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Tue, May 23, 2023

Air Canada & Boeing Near 787 Dreamliner Deal

High Times At Big-B

Air Canada and Boeing are reportedly nearing a deal that would see the airline—Canada’s largest—acquire as many as twenty 787 Dreamliners. The inchoate agreement speaks to expectations of a rebounding global aviation market and a commensurately heightened demand for long-haul wide-body airliners such as those of indigenous to Boeing’s popular 787 aircraft family.

Speaking at the airline’s first quarter 2023 analysis call, Air Canada CFO Amon Kazzaz stated: "Overall, we continue to always hunt for lift, as we've said before in our process. When we see recovery and strong demand, we have the ability to go out and search for additional interim lift. And, we're constantly in the market looking for lift and we'll see our ability to bring that in and be able to line up with [our] network plans."

While the specifics of the dialogue between Boeing and Air Canada remain unknown, such a deal is consistent with the Canadian flag-carrier’s projected fleet needs and the auguries of aviation industry analysts.

Currently, Air Canada operates a fleet of 38 Dreamliners, thirty of which are nine-series variants and the remaining eight of which are lower-capacity eight-series models. All told, Air Canada’s Dreamliner fleet is fairly young, with an average airframe age of 7.4 years.

Data from ch-aviation—the Chur, Switzerland-based airline intelligence provider—shows Air Canada has yet to take delivery of two previously purchased nine-series Dreamliners, the acquisition of which would boost the airline's 787 fleet to a total of forty airframes.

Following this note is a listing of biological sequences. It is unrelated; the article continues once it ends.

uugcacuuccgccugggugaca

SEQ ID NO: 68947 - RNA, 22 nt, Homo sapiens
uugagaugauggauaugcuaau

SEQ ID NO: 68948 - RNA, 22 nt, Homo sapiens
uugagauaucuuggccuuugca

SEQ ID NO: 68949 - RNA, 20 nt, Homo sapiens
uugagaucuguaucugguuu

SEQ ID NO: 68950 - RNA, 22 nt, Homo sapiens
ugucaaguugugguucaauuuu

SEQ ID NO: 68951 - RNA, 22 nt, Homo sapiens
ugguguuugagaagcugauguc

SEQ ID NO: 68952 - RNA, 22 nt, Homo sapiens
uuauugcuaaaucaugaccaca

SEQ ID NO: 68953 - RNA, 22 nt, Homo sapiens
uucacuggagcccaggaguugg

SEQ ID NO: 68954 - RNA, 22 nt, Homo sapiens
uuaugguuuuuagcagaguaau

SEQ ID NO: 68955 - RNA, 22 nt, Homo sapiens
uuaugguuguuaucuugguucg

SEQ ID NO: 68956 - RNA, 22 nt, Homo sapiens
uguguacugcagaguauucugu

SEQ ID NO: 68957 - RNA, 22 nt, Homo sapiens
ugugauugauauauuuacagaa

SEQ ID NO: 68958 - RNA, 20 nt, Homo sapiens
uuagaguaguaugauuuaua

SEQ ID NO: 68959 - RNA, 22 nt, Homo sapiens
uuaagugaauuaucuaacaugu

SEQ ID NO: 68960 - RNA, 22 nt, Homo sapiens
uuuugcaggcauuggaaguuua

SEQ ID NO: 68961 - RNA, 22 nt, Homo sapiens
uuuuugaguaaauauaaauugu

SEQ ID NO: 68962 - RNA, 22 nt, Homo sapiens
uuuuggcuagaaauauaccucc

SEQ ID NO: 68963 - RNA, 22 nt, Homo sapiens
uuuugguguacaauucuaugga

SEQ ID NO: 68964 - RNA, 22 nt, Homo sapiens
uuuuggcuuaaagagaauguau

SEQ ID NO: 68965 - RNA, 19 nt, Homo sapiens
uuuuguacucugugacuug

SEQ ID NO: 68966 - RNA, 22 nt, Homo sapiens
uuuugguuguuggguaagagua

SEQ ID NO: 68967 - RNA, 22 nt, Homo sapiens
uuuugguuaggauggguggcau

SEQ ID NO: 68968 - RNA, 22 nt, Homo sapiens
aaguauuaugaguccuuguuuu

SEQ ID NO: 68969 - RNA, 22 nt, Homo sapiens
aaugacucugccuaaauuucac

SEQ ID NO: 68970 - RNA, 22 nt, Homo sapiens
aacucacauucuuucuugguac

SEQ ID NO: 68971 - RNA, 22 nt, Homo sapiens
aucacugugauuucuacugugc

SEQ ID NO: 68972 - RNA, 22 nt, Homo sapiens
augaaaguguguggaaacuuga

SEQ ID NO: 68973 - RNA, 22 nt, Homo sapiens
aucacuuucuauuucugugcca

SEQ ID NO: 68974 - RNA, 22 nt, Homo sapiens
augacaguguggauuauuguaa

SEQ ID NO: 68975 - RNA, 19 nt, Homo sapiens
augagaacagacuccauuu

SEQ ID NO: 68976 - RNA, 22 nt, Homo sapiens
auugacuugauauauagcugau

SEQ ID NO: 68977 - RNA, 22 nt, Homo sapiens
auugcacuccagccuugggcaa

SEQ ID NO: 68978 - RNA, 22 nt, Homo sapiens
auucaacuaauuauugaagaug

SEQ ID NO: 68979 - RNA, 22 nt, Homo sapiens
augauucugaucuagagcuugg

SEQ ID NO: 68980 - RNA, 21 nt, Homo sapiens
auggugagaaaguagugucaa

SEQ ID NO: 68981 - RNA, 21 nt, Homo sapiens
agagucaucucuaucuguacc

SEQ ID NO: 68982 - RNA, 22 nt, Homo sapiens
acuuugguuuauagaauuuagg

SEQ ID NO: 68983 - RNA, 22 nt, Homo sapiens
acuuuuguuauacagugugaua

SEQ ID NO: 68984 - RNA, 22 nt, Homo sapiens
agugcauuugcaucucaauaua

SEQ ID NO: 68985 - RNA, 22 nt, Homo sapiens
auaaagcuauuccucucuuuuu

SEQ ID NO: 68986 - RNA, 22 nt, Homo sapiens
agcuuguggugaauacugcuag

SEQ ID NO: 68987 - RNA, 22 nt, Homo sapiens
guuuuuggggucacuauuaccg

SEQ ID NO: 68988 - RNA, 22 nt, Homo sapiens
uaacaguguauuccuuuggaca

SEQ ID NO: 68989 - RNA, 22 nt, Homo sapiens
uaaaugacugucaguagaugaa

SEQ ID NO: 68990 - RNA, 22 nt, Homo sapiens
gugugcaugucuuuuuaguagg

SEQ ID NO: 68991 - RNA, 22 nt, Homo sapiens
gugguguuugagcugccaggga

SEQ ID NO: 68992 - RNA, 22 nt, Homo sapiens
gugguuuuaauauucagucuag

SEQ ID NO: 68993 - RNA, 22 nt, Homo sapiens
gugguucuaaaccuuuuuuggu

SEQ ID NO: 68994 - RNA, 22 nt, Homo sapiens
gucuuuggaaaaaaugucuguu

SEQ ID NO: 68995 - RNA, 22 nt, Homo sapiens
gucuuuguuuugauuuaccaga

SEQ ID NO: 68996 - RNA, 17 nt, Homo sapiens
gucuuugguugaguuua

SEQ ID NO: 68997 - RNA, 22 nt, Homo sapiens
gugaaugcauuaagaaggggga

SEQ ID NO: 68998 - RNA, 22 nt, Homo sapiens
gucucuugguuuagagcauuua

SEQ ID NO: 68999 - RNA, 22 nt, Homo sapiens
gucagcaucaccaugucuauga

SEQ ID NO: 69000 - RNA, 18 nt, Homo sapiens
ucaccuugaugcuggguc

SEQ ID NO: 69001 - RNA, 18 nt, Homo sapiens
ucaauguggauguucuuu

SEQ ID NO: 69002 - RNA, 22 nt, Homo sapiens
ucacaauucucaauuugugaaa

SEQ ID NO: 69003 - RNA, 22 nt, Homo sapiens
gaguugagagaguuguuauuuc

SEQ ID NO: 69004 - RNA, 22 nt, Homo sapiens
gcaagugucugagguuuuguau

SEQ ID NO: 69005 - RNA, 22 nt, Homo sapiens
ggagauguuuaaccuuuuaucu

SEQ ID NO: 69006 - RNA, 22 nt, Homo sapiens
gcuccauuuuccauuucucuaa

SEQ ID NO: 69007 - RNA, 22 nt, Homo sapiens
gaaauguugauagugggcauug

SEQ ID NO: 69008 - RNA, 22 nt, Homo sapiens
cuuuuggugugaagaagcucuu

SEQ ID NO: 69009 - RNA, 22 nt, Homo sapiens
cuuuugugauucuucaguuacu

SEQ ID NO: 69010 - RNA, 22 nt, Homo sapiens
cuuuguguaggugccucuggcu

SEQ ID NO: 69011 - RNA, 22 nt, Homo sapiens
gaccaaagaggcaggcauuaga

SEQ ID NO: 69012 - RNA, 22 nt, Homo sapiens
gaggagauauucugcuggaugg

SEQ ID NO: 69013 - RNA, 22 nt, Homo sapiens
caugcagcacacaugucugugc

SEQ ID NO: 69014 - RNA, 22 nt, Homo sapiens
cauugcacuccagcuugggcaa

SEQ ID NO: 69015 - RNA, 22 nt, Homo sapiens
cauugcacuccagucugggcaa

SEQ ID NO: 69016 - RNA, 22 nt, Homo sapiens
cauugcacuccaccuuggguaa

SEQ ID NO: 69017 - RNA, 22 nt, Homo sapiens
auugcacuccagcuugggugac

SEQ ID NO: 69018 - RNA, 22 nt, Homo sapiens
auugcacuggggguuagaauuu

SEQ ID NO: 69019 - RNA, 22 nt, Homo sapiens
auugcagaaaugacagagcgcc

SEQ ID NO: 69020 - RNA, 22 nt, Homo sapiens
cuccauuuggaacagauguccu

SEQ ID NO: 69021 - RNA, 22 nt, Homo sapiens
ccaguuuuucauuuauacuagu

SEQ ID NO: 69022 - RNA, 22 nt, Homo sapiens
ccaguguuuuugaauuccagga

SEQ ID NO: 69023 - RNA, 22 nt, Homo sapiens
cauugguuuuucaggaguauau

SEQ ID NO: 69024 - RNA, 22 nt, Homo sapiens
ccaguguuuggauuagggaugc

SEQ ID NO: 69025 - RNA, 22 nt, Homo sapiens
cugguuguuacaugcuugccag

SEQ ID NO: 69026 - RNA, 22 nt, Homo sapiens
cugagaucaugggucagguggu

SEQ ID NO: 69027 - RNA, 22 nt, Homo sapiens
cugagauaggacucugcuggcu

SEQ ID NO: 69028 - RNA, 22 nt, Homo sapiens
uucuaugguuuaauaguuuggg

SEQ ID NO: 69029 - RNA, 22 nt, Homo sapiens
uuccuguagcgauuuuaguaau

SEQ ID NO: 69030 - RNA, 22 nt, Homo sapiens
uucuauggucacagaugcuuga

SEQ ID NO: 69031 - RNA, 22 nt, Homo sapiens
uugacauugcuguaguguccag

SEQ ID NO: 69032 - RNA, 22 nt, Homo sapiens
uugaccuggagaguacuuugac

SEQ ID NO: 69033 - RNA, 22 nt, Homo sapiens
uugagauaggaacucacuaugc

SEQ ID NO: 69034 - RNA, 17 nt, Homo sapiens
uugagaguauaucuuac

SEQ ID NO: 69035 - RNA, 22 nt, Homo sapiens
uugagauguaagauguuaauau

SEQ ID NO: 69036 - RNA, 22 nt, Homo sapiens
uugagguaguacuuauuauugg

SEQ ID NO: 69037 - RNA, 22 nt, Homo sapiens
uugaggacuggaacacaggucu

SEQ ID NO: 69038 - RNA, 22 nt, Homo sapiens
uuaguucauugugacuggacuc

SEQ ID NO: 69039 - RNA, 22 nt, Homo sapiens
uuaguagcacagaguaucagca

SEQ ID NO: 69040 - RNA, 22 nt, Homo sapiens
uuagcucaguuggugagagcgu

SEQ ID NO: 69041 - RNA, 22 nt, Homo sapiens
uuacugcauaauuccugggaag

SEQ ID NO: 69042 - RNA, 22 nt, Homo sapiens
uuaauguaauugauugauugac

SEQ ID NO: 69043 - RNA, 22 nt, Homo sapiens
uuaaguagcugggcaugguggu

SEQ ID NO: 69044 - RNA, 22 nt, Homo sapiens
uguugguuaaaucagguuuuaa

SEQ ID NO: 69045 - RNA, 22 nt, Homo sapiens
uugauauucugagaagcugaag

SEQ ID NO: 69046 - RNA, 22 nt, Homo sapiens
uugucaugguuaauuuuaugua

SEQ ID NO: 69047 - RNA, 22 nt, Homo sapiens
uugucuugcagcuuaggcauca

All 787-9 models are stock configured with 298 seats comprising: thirty business-class, 21 premium economy-class, and 247 economy-class. Conversely, the lower-capacity 787-8 model is stock configured with 255 seats comprising: twenty business-class, 21 premium economy-class, and 214 economy class.

Given the current composition of its 787 fleet, Air Canada is apt to weigh future Dreamliner orders in favor of the higher-capacity nine-series aircraft. Were the airline to seek even more capacity, Boeing’s 787-10, the U.S. airframer’s most capacious Dreamliner variant, would suit Air Canada’s needs while not significantly increasing pilot training costs—as the 777/787 common type-rating covers all 787 variants.

By dint of worldwide COVID restrictions broadly enacted in March 2020 and largely abrogated by June 2022, the global airline industry has struggled to cope with resurgent post-COVID demand for air travel. Planemakers, too, have scrambled to keep up with air-carriers’ unrelenting demand for new airliners—narrow and wide-body alike. Comes now 2023 and significant restorations of supply-chains and employee rosters, and the waxing optimism of both the airline and airplane marketplace’s tenors. 

Presently in excess of pre-COVID levels, demand for air-travel is projected to rise further still. Compelled by such prognostications, air-carriers are currently and aggressively angling for larger shares of the forecasted boon—alternately resurrecting mothballed super-jumbos and placing massive aircraft orders with the world’s preeminent airframers. Between December 2022 and May 2023 air-carriers such as United, Lufthansa, Air India, and Ryanair placed firm orders for hundreds upon hundreds of Boeing and Airbus airliners. In addition to Air Canada, Delta and Turkish Airlines are reportedly considering major wide-body purchases.

FMI: www.boeing.com

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